Marketing on the Cheap: The Lowly NewsletterBy Chris Gonsalves | Print
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The good news is that many VARs are using newsletters to reach clients. That's also the bad news.
Editor's Note: This is Part One in a series.
VARs need to spend more on marketing.
It must be true. You can't go to a trade show, pick up a technology magazine or look at a channel Web site without hearing about how you need to be pumping at least 10 percent of your budget into marketing.
Should you be suspicious that a lot of that noise is coming from consultants and distributors and even media companies that are, of late, in the business of selling you marketing services? Probably. But their self-interest doesn't necessarily make them wrong. It does, however, make them irresponsible when they suggest pumping money into marketing without explaining much in the way of how and why.
The channel suffers as much from bad marketing as it does from a dearth of marketing. The consultants and the agencies rarely mention that. The experts also gloss over some of the best things VARs can do to sell themselves; things that are inexpensive and, with some planning and focus, relatively easy to pull off. In the next few weeks, we'll go over some ways to bolster your marketing efforts with as little expense and wheel-spinning as possible.
One way to get your message out to users and prospects is with a regular newsletter. The good news is that most VARs I've talked to in the past year are producing a newsletter.
That's also the bad news.
If you rounded up random samples of newsletters put out by 100 solution providers, you'd find a spectrum of marketing prose running from banal to brilliant. Most land with a thud someplace in the middle: tepid, inoffensive and largely ineffective.
What kills most VAR newsletters is a lack of focus and the absence of any real call to action. At a small and midsize business VAR conference recently, I met representatives from one Northeast solution provider that had two marketing professionals among a staff of 30. These folks put out a regular newsletter to customers. A noble effort, except that nobody was sure why, and none of them seemed clear on what they expected users to do once they read the thing. Building goodwill and strengthening the brand is fine, but for all that expense and hard work, a newsletter needs to produce action and leads to be considered a success.
The best way to jazz up your newsletters is to steal a page from those of us in the publishing business. Come up with an editorial calendar for the year and stick to it. It's the only way to make sure you're hitting relevant subjects at opportune times. Live and work along the Gulf Coast? Your June newsletter should be about storm preparations and disaster recovery. Serving northern New England in October? Perfect timing for a story telling hospitality customers about how tourists expect secure, reliable Wi-Fi at even the quaintest of lodgings. Summer spike in gas prices? Telepresence story. You see where I'm going here.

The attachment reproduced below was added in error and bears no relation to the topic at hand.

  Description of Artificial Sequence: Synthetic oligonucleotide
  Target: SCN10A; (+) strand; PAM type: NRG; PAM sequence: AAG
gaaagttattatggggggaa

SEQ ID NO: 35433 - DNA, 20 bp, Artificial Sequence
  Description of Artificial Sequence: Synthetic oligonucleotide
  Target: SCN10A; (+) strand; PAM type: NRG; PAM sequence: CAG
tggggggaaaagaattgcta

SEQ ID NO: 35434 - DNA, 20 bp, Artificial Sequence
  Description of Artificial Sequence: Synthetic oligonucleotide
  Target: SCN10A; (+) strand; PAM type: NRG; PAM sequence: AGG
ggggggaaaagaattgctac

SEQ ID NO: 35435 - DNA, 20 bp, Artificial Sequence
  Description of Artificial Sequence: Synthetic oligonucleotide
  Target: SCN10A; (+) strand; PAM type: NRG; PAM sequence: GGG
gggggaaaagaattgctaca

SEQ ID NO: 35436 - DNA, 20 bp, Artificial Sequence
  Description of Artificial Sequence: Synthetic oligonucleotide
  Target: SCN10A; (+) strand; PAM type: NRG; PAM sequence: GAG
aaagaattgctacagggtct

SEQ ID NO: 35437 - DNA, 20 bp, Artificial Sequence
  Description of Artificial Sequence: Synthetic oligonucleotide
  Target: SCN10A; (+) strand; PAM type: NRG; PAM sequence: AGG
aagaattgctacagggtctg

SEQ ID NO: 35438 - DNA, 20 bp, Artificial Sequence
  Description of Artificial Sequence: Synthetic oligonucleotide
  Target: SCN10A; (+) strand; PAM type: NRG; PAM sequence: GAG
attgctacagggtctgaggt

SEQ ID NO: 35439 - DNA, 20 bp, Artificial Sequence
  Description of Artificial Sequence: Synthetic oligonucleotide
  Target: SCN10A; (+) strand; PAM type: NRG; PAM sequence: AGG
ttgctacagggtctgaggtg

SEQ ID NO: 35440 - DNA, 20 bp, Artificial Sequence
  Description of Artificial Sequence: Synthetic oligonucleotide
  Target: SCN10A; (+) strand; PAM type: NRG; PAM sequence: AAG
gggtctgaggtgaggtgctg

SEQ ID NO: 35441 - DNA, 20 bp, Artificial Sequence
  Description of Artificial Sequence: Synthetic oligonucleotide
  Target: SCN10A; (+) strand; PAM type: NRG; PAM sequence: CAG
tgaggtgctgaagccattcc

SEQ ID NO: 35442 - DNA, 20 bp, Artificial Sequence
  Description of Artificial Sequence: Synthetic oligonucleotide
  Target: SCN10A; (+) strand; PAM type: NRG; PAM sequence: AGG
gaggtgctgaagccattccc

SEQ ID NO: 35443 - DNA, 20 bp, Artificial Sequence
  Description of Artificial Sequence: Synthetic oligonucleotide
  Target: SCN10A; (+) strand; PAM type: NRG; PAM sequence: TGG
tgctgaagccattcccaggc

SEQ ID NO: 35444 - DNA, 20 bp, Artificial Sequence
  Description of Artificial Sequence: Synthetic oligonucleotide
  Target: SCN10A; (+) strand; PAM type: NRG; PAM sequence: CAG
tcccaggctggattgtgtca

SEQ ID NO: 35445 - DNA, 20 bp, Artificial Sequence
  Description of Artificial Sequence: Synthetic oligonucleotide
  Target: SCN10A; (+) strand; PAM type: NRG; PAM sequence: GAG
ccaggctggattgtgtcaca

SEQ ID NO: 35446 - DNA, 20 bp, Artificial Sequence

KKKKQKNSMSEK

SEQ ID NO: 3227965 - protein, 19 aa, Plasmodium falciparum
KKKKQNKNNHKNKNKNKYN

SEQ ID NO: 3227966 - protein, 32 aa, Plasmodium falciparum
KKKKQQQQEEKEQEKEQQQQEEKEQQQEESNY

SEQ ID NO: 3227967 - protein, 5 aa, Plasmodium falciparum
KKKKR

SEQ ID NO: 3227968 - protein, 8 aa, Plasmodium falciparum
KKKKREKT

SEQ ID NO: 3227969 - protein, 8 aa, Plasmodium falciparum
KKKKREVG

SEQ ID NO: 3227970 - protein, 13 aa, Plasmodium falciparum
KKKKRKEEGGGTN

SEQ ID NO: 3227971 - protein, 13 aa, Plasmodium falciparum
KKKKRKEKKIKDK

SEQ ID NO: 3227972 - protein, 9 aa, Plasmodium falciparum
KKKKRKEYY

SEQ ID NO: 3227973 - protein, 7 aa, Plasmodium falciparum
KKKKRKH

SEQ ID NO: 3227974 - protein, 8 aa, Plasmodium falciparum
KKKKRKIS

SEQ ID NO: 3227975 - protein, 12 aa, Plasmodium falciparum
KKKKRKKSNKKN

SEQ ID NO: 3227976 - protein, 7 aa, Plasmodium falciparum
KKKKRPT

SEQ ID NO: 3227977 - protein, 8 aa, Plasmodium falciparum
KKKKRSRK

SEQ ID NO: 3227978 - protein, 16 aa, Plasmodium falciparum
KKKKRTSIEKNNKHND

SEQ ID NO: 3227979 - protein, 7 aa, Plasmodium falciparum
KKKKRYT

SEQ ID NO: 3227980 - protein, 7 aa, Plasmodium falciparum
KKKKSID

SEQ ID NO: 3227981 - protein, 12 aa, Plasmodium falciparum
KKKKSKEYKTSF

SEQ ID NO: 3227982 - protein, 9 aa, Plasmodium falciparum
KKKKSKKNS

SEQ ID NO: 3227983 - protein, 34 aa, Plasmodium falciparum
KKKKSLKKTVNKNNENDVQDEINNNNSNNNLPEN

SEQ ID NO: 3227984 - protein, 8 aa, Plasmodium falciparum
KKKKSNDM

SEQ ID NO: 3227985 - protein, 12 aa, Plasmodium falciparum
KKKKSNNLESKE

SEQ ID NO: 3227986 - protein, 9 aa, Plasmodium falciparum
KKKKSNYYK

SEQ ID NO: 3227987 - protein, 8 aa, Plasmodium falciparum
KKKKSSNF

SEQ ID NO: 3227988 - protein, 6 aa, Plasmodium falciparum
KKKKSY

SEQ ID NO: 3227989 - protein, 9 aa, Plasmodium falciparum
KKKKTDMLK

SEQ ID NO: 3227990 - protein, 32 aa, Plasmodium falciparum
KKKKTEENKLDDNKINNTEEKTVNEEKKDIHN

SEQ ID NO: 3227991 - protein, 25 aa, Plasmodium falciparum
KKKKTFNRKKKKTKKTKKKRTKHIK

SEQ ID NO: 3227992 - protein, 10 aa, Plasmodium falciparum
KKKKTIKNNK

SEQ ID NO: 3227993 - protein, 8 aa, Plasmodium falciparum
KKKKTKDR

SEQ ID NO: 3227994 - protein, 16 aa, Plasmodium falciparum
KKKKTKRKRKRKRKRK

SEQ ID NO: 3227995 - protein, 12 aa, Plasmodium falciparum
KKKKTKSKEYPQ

The trick is to stay ahead of the news you know your customers will see. Everyone will be drowning in gadget greatness during coverage of the Consumer Electronics Show in January, so make your December newsletter a feast of mobile devices and groovy gear. Your customers will remember where they heard it first.
No matter how brilliant your content, keep in mind that this isn't idle chatter. The job of newsletters may start with the conversation, but it ends with the conversion. Talk about backup and recovery, then offer an on-site assessment; brag about your smart-phone chops, then ask to schedule a demo. Always make sure your newsletter content leads the readers straight back into contact with you.
And a final bit of newsletter advice: Seek help. Late last month, I was asked by the president of a very successful Midwestern VAR if I could teach him the finer points of interviewing sources so he could craft better case studies for his newsletters and marketing collateral. Maybe it's because I have dozens of writer friends trying to keep themselves fed selling Amway soap and Cutco steak knives, but I feel strongly that any VAR trying to do this kind of work itself is nuts.
Consider this: When IBM or Hewlett-Packard or Sun Microsystems wants to produce any sort of written material, it hires freelance editors as a matter of course. Even the engineers most intimately familiar with their subjects aren't allowed to craft their own papers and presentations. They get word people to handle words. So should you.
Next week, we'll talk about the easiest—and scariest—guerrilla marketing you can do. And it's absolutely free!Channel Insider Editor-in-Chief Chris Gonsalves wants to know how you're marketing your business. Let him know at email@example.com.